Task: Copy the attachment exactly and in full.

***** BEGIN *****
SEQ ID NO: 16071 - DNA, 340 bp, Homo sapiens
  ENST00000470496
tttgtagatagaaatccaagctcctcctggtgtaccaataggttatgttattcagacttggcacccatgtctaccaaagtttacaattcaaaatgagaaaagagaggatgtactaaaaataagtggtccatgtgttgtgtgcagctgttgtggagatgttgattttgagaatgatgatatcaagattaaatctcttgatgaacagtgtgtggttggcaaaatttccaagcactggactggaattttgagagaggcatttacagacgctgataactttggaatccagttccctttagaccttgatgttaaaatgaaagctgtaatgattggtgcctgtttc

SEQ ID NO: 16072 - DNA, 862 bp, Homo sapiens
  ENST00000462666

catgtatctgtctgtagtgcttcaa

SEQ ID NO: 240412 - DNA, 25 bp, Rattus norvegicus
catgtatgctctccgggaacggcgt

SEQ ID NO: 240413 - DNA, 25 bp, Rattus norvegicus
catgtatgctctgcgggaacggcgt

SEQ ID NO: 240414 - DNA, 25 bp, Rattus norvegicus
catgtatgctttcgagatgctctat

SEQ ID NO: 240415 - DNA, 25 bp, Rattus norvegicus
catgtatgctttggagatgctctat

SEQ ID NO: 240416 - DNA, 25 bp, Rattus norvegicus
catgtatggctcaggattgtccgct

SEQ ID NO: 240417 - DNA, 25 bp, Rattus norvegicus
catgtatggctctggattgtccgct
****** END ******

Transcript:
SEQ ID NO: 16071 - DNA, 340 bp, Homo sapiens
  ENST00000470496
tttgtagatagaaatccaagctcctcctggtgtaccaataggttatgttattcagacttggcacccatgtctaccaaagtttacaattcaaaatgagaaaagagaggatgtactaaaaataagtggtccatgtgttgtgtgcagctgttgtggagatgttgattttgagaatgatgatatcaagattaaatctcttgatgaacagtgtgtggttggcaaaatttccaagcactggactggaattttgagagaggcatttacagacgctgataactttggaatccagttccctttagaccttgatgttaaaatgaaagctgtaatgattggtgcctgtttc

SEQ ID NO: 16072 - DNA, 862 bp, Homo sapiens
  ENST00000462666

catgtatctgtctgtagtgcttcaa

SEQ ID NO: 240412 - DNA, 25 bp, Rattus norvegicus
catgtatgctctccgggaacggcgt

SEQ ID NO: 240413 - DNA, 25 bp, Rattus norvegicus
catgtatgctctgcgggaacggcgt

SEQ ID NO: 240414 - DNA, 25 bp, Rattus norvegicus
catgtatgctttcgagatgctctat

SEQ ID NO: 240415 - DNA, 25 bp, Rattus norvegicus
catgtatgctttggagatgctctat

SEQ ID NO: 240416 - DNA, 25 bp, Rattus norvegicus
catgtatggctcaggattgtccgct

SEQ ID NO: 240417 - DNA, 25 bp, Rattus norvegicus
catgtatggctctggattgtccgct